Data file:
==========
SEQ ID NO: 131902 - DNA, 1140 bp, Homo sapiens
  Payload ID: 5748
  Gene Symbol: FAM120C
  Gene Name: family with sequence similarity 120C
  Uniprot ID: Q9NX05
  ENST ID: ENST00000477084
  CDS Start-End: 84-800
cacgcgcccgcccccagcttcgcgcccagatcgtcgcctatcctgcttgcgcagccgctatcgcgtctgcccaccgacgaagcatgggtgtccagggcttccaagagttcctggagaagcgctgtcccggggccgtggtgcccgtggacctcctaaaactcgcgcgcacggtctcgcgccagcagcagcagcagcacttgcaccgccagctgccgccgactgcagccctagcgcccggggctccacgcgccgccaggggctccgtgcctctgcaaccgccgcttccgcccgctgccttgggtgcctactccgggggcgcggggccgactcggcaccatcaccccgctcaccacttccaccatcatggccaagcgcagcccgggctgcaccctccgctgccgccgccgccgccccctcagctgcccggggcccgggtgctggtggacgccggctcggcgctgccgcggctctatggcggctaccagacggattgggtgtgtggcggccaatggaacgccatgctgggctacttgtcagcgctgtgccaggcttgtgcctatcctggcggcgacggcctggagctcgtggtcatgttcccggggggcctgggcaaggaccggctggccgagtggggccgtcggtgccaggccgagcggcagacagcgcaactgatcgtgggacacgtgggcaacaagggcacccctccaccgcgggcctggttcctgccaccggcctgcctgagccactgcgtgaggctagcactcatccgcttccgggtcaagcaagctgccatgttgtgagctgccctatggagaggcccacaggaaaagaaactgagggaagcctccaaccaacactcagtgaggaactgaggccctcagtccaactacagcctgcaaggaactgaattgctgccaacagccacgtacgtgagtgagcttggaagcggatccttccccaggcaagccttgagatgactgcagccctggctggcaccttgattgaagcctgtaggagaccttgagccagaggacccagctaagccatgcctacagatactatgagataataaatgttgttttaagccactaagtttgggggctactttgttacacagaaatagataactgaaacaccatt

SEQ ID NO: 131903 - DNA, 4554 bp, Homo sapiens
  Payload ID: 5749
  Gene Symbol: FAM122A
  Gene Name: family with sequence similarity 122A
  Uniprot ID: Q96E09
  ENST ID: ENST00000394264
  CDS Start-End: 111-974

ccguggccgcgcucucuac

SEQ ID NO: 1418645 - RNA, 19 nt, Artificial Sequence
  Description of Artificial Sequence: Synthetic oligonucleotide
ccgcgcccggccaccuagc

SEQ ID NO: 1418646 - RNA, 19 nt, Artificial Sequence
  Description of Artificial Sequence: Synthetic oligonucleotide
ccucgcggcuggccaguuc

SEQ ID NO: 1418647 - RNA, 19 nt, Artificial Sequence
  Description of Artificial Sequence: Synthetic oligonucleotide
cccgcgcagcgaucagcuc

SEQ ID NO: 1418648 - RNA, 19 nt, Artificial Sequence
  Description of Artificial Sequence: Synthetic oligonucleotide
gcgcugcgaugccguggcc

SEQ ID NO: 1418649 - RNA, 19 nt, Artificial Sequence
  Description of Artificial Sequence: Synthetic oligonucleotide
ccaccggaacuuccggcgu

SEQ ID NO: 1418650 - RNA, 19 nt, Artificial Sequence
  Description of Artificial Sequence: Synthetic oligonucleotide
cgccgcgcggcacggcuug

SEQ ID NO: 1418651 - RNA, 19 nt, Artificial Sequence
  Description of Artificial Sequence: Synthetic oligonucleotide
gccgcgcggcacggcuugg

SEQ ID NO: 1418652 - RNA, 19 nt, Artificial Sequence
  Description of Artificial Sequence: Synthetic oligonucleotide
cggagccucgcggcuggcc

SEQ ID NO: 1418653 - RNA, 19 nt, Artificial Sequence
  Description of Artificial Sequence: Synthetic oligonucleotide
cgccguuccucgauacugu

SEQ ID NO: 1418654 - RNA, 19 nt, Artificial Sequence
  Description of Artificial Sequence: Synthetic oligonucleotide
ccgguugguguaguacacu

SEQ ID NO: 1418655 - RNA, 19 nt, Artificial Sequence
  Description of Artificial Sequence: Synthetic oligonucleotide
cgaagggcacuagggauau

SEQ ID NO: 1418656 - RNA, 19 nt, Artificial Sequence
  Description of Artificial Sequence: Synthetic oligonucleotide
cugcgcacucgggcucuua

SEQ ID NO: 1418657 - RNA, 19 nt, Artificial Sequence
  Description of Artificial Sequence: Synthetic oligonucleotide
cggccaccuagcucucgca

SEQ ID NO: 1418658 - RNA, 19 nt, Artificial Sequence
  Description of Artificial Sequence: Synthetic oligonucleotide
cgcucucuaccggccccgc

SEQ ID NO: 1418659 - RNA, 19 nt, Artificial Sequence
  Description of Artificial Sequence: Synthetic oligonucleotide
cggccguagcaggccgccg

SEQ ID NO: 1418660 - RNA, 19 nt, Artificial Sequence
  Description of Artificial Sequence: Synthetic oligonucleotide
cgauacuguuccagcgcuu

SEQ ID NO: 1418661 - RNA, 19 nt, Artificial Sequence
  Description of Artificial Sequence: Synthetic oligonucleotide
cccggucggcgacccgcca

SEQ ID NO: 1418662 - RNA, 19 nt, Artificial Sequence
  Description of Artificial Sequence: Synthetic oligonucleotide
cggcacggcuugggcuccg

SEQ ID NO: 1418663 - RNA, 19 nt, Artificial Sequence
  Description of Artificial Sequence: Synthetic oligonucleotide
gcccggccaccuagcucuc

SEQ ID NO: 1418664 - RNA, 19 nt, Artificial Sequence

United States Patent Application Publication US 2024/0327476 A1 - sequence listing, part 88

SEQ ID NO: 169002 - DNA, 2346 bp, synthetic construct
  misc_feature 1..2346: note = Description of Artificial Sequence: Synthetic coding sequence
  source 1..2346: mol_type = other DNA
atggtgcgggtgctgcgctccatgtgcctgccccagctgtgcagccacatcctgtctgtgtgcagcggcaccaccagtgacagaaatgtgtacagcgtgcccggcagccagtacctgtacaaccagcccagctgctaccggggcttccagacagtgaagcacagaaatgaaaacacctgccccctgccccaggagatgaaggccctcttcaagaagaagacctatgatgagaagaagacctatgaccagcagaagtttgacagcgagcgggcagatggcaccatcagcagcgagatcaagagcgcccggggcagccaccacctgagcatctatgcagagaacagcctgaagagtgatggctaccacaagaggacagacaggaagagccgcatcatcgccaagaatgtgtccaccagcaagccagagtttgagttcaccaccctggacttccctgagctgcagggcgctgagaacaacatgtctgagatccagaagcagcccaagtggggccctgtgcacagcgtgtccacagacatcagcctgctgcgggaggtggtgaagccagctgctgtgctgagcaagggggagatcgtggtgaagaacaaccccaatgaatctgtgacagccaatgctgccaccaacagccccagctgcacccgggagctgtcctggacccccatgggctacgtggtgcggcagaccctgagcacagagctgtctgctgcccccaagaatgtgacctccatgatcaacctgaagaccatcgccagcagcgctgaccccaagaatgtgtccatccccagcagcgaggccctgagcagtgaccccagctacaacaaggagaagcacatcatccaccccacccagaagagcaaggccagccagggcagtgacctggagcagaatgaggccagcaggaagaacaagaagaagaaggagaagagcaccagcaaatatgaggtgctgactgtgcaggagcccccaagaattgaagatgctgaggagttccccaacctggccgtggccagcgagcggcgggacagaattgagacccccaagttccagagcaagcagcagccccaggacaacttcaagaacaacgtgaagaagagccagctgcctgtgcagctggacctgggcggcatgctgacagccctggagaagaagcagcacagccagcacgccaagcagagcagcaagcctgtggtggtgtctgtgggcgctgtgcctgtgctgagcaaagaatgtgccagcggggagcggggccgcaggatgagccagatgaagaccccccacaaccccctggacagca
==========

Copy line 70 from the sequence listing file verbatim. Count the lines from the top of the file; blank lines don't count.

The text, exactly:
cggcacggcuugggcuccg